This year’s big run of humpies, or pink salmon, in the Dungeness River is like a miracle. It brings to mind the first recorded “Miracle of the Salmon,” which happened at a Shaker meeting at Jamestown in 1921.
The Shakers are a Native American form of Christianity that began in October 1881 at Skookum Bay in Mason County when a Squaxin shaman, Squs-sacht-un, who was named John Slocum by the white man, knelt in the woods to think of the error of his ways and the evil days that had overtaken him and his friends.
Squs-sacht-un had lived a life of the “white man’s vices,” horse racing, whiskey drinking and idleness.
Squs-sacht-un became very ill and hovered near death for about two weeks while five Indian doctors tried to heal him. He died at four in the morning. His brother went to Olympia for a coffin and a grave was dug. Late the next afternoon, Squs-sacht-un recovered with a story to tell.
Squs-sacht-un then described an out-of-body experience where he looked down at his own dead body and saw he had no soul. He saw, “a great light from that good land,” where angels told him that he could not enter heaven, because he was so wicked. He had a choice of going to hell or returning to earth to warn people to change their ways.
Squs-sacht-un was told he was given four days to live. He prayed the whole time until another voice told him he could live four weeks if he would build a church. The church was built and Squs-sacht-un was told he could live four years if he lived right. He did, combining Catholic and Native American doctrine and ceremony into the “Shaker Church.”
They were called “Shakers” because their bodies would shake during the services as part of a healing ceremony that would rid a person of sickness, sin or both.
James Wickersham, a Tacoma attorney, said in 1892 that Shaker Church members, “practiced the strictest morality, sobriety and honesty. Their 600 members do not drink, gamble or race.”
The formation of the Shaker Church was occurring at the same time as the Ghost Dance of the Sioux, which resulted in their persecution and ultimately the massacre at Wounded Knee.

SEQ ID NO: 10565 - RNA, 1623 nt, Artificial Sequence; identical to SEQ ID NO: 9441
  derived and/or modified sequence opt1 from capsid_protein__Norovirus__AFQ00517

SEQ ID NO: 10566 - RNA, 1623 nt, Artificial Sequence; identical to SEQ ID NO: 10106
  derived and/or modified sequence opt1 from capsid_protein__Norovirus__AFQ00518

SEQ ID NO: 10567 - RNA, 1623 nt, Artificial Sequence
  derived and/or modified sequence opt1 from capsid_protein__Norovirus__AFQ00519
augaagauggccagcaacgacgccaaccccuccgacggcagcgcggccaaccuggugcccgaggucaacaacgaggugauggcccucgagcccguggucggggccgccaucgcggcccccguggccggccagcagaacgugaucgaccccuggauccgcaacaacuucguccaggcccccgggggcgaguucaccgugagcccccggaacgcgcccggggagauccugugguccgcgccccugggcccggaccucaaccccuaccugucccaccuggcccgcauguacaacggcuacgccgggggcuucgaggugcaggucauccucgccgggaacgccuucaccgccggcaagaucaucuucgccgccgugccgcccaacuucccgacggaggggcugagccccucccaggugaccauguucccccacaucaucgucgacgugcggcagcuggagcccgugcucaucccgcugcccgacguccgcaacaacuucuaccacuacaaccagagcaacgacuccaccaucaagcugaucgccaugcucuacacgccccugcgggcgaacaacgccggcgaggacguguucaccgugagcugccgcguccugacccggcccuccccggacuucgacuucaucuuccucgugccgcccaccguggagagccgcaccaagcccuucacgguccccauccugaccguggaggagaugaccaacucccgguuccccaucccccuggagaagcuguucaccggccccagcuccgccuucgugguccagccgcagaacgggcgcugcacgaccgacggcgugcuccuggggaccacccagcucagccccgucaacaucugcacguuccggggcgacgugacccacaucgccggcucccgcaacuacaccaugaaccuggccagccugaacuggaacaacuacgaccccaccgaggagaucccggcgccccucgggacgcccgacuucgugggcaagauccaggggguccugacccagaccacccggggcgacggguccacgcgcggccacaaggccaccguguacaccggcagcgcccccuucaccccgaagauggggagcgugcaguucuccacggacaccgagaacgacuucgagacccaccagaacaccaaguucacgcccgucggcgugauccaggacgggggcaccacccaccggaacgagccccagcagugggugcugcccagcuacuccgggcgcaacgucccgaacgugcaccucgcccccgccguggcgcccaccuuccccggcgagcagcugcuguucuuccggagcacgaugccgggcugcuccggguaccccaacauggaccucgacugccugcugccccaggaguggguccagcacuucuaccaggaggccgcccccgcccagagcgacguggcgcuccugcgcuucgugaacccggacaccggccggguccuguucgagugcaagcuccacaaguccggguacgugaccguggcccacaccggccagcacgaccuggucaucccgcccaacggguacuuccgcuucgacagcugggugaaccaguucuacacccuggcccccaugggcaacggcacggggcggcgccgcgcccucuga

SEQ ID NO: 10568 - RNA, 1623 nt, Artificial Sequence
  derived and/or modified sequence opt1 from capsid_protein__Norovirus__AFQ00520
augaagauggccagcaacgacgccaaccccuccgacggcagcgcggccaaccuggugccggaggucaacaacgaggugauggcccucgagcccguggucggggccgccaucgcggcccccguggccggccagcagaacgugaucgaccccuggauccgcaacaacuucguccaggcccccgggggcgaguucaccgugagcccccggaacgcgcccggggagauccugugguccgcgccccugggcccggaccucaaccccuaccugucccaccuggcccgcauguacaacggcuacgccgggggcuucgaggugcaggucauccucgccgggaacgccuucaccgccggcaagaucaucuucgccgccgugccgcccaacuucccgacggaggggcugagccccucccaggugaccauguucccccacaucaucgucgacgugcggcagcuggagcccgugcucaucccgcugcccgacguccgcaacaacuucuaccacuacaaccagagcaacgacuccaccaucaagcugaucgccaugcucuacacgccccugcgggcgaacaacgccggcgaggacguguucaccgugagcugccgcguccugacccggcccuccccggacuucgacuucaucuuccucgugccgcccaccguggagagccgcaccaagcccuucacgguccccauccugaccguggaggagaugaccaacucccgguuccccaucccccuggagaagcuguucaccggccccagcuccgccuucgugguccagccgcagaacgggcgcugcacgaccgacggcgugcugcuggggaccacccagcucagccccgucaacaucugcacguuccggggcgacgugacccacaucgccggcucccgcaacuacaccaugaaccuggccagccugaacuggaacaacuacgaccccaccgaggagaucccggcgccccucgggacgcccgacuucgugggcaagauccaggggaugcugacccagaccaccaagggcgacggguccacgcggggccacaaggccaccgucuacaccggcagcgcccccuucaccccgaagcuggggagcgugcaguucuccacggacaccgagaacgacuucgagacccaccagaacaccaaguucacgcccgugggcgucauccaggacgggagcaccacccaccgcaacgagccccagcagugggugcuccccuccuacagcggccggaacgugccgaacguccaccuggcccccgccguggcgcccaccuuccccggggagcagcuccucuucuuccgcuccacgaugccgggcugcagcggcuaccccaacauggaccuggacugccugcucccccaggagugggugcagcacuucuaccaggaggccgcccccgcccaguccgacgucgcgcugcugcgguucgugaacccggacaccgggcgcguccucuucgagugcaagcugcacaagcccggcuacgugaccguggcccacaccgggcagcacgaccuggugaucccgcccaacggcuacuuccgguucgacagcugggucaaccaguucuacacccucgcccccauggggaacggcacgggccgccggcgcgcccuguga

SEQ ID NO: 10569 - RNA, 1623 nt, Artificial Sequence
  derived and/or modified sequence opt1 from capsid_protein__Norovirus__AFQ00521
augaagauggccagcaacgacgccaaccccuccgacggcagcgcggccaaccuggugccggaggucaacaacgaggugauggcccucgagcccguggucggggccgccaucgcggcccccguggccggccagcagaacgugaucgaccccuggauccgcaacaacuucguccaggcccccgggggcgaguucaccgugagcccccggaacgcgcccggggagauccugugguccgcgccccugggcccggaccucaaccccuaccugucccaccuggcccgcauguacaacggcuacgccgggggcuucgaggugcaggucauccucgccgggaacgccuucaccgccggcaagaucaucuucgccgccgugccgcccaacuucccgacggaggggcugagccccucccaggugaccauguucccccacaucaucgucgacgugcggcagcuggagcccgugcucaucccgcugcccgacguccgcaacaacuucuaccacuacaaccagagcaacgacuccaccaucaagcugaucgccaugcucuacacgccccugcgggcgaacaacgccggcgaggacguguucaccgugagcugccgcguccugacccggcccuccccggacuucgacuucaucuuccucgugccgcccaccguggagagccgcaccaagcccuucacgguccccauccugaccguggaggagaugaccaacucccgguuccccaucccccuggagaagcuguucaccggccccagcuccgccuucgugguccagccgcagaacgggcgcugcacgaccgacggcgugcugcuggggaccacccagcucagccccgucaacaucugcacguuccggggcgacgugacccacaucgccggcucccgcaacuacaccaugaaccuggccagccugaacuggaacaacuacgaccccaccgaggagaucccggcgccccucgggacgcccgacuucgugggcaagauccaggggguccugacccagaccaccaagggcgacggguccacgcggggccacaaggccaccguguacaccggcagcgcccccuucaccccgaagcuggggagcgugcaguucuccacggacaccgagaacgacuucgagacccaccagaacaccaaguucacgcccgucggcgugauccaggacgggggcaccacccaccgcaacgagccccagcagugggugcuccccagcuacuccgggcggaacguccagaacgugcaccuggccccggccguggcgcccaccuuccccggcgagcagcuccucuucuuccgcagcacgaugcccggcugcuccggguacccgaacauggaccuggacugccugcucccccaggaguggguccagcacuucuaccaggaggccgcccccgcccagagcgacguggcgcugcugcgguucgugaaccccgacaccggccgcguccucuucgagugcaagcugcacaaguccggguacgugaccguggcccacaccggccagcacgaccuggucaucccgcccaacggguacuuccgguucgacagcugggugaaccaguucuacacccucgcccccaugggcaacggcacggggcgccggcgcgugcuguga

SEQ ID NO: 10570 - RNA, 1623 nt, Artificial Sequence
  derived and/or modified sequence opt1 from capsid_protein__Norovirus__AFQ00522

The Shaker Church was strongly opposed by their Indian Agent at the time, Edwin Eells and his missionary brother, the Rev. Myron Eells, who banished Squs-sacht-un and his associates from their reservation, then imprisoned them in chains in a single-room jail at the Indian Agency in Puyallup.
Then, with the passage of the Indian Land Severalty bill in 1886, land-holding, tax-paying Indians were no longer wards of the state or under the control of Indian Agents. Squs-sucht-un was freed.
The Shakers spread to Native American communities across western Washington. In 1890, a Shaker Church was built at Jamestown.
In 1921, the largest group of Shakers to ever assemble was at a convention at Jamestown.
No one thought there’d be so many mouths to feed. The Shakers prayed. As the tide went out, hundreds of humpies were stranded in the eel grass on the tide flats. It’s said in the old days, salmon were stranded on the tide flats every summer, but no one had seen this happening for 25 years before the Shaker Convention.
In 1967, an estimated 400,000 humpies ran up the Dungeness River. While this year’s run of humpies isn’t that big, the fact that there’s one humpy left after a century of gross mismanagement of this fishery is a miracle — the miracle of the salmon.
Pat Neal is a Hoh River fishing and rafting guide and “wilderness gossip columnist” whose column appears here every Wednesday.
He can be reached at 360-683-9867 or by email via firstname.lastname@example.org.